Miranda Hart has promised 'a few kisses' in the third series of Miranda. The sitcom will return for a third run on Boxing Day with a Christmas-themed episode, moving from BBC2 to BBC1. Hart revealed in a press release that the series will contain a number of celebrity appearances and some new characters. 'The first two episodes are quite slow moving establishers compared with previous series and they set up what happens from episode three onwards,' she explained. So, that's TV shorthand for 'the first two episodes are crap but stick with it because it gets better, later,' essentially. 'There are two new regular characters, quite a few kisses, a couple of celebrity cameos. And that's all I am saying!' Gary Barlow, Raymond Blanc and Emma Kennedy have been revealed as some of the famous names who will appear in the third series. Executive producer Jo Sargent added: 'We were so excited to see what this series had in store and Miranda Hart has exceeded expectations with hilarious new material. The whole production has worked so hard to produce something we are all extremely proud of. We were as keen as the audience is to catch up with Miranda and her friends and have loved being part of the process of bringing the stories to life on screen.'

Sky has reportedly commissioned two new thirteen-part series for 2013. Line of Duty creator Jed Mercurio will return to television with a new medical drama, which has the working title Critical, according to Broadcast. The series is said to focus on the 'golden hour' - the crucial period immediately following a serious injury when treatment can save lives. A science fiction drama is also apparently in the works from The Deep writer Simon Donald. In addition, the report claims that the broadcaster is considering adapting Scandinavian crime drama The Bridge for UK television. The potential remake - to be written by Ben Richards (whose last series, Outcasts, was such a massive and expensive flop) - was first announced in May and could enter production in early 2013. US cable network FX is already developing a pilot for its own remake of The Bridge starring Diane Kruger, Annabeth Gish and Matthew Lillard. And, we ask again, does nobody have any original ideas in TV these days?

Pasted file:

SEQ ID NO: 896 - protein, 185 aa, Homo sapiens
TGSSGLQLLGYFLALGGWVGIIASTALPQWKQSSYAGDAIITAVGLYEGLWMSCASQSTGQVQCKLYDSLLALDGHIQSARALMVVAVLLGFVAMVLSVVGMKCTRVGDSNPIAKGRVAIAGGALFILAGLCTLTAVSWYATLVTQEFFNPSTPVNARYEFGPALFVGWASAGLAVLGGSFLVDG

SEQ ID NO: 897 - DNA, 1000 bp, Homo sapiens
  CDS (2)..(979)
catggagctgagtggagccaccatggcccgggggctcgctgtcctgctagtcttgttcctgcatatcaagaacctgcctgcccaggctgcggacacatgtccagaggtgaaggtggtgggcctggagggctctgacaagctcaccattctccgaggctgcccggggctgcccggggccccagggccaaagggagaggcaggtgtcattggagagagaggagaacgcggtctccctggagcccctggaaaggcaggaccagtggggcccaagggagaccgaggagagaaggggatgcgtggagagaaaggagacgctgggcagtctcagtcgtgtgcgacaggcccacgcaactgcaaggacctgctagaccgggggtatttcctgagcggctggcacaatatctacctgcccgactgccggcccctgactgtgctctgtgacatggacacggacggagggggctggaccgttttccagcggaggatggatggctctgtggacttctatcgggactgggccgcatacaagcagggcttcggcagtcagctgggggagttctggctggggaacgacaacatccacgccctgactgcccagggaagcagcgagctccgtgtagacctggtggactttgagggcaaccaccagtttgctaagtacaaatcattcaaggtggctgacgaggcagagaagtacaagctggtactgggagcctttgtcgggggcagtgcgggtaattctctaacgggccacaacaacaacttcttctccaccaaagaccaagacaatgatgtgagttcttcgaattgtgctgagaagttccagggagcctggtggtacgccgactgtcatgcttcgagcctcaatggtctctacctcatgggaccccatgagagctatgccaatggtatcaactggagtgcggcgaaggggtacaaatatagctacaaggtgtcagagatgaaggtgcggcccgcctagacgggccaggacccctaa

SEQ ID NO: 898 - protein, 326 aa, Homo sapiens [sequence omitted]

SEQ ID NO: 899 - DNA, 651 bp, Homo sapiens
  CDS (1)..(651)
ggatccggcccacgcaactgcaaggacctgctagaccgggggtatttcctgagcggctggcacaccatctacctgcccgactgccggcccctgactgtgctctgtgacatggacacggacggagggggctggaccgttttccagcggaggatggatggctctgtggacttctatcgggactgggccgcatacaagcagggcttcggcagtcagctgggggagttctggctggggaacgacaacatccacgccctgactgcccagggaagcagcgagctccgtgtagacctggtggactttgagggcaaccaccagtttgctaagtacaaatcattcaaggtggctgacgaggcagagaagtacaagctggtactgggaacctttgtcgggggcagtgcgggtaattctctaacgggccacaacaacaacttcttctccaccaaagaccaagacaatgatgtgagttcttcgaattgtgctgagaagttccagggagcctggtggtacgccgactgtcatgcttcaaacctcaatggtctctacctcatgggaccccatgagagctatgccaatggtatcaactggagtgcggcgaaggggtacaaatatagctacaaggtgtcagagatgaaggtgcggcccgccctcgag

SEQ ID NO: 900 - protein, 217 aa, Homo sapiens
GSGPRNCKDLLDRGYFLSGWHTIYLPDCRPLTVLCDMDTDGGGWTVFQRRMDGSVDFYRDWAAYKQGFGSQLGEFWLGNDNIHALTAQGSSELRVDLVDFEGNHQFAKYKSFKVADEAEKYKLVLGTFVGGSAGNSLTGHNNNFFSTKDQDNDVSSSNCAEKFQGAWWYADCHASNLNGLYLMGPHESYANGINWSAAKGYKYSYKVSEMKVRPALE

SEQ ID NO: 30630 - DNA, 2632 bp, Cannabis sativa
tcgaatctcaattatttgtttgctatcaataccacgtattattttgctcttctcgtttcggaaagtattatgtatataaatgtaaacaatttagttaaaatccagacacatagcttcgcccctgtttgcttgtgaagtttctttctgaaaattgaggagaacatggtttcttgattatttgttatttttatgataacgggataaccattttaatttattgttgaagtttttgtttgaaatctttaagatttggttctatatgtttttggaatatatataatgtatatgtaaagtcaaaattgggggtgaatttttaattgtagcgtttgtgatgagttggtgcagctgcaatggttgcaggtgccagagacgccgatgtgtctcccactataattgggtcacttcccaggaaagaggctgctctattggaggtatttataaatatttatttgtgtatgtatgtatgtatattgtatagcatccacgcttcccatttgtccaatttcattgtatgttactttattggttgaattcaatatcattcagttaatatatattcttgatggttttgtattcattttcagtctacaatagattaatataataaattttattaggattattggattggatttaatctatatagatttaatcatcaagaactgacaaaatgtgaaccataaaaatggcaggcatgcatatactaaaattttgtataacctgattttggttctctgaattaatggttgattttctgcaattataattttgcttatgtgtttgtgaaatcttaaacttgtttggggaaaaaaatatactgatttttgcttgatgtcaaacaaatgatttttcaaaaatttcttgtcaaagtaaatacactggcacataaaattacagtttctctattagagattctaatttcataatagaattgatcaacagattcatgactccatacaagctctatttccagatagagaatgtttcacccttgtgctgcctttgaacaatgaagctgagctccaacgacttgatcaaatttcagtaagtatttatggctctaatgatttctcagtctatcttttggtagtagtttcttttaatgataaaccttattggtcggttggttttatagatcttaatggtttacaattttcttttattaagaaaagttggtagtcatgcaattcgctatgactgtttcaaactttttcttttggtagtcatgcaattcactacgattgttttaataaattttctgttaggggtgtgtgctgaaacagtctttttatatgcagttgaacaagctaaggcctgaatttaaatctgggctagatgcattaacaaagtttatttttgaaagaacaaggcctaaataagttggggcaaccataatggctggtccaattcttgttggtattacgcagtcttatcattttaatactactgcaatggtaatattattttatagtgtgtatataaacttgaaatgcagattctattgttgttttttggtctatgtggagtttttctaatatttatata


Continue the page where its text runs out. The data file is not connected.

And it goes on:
BBC Worldwide is understood to be exploring 'strategic options' for Lonely Planet, including seeking an outside investor or even a potential sale of the guidebook publisher, which it values at about eighty five million knicker. The BBC's commercial arm, which took full control of Lonely Planet in February last year, is understood to favour pursuing the sale of a stake in the business. One source said they believed that there has been interest from investors in the US. TripAdvisor and Expedia investor Barry Diller would make for a good fit for the BBC, but it is not known if he is involved in talks. It is thought that Diller's vehicle IAC, which also owns search engine Ask Jeeves, was interested in Lonely Planet when co-founders Tony and Maureen Wheeler decided to sell an initial seventy five per cent stake to BBC Worldwide in 2007 – a deal which prompted widespread criticism from the corporation's commercial rivals. 'Lonely Planet is a fantastic brand which has seen tremendous success over recent years and we're not going to comment on speculation about its future,' said a BBC Worldwide spokesman. 'It is thought that BBC Trust chairman Lord Patten is keen on the idea of reining in BBC Worldwide's expansionist ambitions,' claimed some louse of no importance at the Gruniad Morning Star in a spectacularly spiteful and agenda-soaked piece. Patten is understood not to have been happy by the scope of non-TV investments made by outgoing BBC Worldwide chief executive John Smith. The BBC Trust would have to approve any deal involving the sale, or part sale, of Lonely Planet – as it did with the original acquisition. Financially Lonely Planet has been a difficult investment for BBC Worldwide, which paid £130.2m for the business in two stages, 2007 and 2011. Earlier this year the BBC revealed it had written down the value of the business by fifty million quid over five years. In July, BBC Worldwide said it valued the business at eighty five million smackers. Smith has previously said Lonely Planet has 'a solid underlying performance' while refusing to comment on whether after five years of ownership it is profitable. 'It is the value of the brand that is the key thing,' he said earlier this year. BBC Worldwide kept full control of Lonely Planet when it struck a one hundred and twenty one million knicker deal to offload its magazine division to private equity firm Exponent last year. The BBC has been dogged by criticism ever since it invested an initial eighty eight million notes to take a seventy five per cent stake in Lonely Planet in 2007. Rivals including Time Out founder Tony Elliott were angered at the expansion into areas not directly connected with BBC programmes. According to the Gruniad, an alleged 'source' alleged said that the integration of Lonely Planet with BBC Worldwide programming and content has been 'difficult' – even hampered – by the criticism of the acquisition, which has left the business 'somewhat isolated.' Allegedly. The corporation took full control of Lonely Planet, founded in a Melbourne kitchen in 1972 before growing into arguably the world's best-known travel publisher, when the Wheelers exercised an option to sell their remaining twenty five per cent stake to BBC Worldwide for £42.1m last year. When rumours emerged in 2009 that Lonely Planet was the 'top of the list' of assets reviewed for potential sale by the BBC Trust, the corporation issued a denial saying it was 'not up for sale, full stop.' In the same year the former BBC Trust chairman, Sir Michael Lyons, ordered BBC Worldwide to come up with a three-year action plan, which included the sell-off of some assets, and to concentrate on 'things consistent with the BBC's public purposes.' BBC Worldwide has done a lot to grow the business, expanding Lonely Planet's digital operations, presence in magazines and improving its position in the US market.